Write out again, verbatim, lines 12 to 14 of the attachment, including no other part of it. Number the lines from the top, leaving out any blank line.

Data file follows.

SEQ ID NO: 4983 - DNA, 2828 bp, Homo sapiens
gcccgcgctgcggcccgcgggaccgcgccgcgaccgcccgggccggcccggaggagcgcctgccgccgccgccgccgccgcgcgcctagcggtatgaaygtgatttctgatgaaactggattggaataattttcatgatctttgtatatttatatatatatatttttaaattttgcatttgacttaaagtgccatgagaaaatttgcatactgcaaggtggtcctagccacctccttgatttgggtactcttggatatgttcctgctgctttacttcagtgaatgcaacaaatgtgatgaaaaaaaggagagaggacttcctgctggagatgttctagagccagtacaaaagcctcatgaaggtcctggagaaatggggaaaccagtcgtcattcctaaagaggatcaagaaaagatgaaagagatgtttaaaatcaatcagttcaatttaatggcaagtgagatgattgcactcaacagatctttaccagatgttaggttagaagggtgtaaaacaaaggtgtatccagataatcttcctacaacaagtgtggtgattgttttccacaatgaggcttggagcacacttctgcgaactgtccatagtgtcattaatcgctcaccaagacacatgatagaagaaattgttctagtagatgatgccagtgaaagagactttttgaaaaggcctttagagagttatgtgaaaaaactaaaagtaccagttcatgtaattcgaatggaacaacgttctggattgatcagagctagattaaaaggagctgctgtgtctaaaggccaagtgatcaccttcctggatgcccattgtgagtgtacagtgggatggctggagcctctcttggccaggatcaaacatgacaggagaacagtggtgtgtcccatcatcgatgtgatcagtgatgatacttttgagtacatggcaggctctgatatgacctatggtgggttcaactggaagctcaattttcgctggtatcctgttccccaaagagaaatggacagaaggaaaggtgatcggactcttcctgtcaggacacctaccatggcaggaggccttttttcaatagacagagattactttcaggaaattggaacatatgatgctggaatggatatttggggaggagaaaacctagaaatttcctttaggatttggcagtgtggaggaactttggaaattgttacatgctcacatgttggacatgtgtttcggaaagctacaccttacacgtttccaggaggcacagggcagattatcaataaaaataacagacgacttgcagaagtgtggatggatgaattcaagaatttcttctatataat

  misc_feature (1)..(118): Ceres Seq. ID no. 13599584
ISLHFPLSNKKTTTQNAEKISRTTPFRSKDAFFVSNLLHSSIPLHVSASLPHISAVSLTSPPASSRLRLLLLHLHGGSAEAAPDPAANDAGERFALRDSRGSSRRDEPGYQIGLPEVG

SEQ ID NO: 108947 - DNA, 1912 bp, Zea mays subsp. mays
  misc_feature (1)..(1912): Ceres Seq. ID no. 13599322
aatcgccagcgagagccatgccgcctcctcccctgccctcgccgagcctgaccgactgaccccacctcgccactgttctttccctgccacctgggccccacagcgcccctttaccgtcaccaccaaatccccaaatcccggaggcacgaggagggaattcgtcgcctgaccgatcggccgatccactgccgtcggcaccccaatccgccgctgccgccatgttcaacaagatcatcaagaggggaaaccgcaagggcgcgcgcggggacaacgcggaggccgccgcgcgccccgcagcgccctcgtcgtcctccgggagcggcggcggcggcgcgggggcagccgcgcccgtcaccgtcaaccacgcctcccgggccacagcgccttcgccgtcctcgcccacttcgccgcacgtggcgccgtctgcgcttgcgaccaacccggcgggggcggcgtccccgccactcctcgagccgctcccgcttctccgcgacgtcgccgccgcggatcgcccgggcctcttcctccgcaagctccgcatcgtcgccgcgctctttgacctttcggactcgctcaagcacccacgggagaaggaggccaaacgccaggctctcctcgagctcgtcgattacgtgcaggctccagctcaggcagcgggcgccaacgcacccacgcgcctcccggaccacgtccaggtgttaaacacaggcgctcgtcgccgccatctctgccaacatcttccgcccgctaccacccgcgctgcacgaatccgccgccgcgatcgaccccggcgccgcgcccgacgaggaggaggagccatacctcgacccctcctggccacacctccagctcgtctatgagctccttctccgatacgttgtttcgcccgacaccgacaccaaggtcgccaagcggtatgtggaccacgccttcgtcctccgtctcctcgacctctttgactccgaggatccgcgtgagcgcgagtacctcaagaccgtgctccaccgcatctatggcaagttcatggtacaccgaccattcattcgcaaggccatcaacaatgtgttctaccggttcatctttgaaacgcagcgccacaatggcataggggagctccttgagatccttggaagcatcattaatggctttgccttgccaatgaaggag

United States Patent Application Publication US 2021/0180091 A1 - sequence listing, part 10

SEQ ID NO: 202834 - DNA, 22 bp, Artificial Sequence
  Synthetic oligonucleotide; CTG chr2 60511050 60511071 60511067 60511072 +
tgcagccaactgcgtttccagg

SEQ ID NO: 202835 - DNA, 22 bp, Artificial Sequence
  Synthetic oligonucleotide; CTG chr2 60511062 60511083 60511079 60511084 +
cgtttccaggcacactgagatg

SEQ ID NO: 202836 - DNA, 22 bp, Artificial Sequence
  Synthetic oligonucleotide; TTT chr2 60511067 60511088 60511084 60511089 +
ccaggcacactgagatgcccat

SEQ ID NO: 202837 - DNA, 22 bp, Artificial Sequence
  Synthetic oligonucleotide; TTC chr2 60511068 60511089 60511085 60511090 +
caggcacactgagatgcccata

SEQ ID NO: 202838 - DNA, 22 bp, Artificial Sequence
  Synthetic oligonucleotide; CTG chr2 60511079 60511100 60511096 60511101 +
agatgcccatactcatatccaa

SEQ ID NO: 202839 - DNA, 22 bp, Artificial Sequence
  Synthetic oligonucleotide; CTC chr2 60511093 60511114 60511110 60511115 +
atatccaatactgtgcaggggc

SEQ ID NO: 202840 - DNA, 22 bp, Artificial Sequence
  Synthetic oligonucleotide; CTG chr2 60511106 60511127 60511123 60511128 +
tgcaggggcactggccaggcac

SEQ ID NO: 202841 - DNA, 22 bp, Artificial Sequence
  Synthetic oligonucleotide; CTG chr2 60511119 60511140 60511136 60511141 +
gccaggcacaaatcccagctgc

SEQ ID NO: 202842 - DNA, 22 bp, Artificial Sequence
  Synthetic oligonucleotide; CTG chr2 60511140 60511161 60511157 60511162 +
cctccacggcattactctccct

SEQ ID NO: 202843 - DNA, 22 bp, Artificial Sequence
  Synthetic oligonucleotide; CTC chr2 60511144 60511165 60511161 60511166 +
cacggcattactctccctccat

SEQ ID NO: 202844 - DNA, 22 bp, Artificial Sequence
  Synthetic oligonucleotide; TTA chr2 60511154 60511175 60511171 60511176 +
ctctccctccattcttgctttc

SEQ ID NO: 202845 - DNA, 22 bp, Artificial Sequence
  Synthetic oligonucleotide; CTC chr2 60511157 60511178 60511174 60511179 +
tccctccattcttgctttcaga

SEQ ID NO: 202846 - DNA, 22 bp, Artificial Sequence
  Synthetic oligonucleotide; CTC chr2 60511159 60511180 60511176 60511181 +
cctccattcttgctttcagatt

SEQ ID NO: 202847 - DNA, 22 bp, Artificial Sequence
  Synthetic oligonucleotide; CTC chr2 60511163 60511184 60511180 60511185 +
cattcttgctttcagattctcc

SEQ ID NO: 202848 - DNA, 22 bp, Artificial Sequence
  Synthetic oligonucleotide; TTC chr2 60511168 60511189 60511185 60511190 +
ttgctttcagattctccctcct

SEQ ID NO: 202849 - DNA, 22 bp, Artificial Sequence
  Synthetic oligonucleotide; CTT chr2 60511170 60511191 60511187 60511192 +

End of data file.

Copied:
SEQ ID NO: 202835 - DNA, 22 bp, Artificial Sequence
  Synthetic oligonucleotide; CTG chr2 60511062 60511083 60511079 60511084 +
cgtttccaggcacactgagatg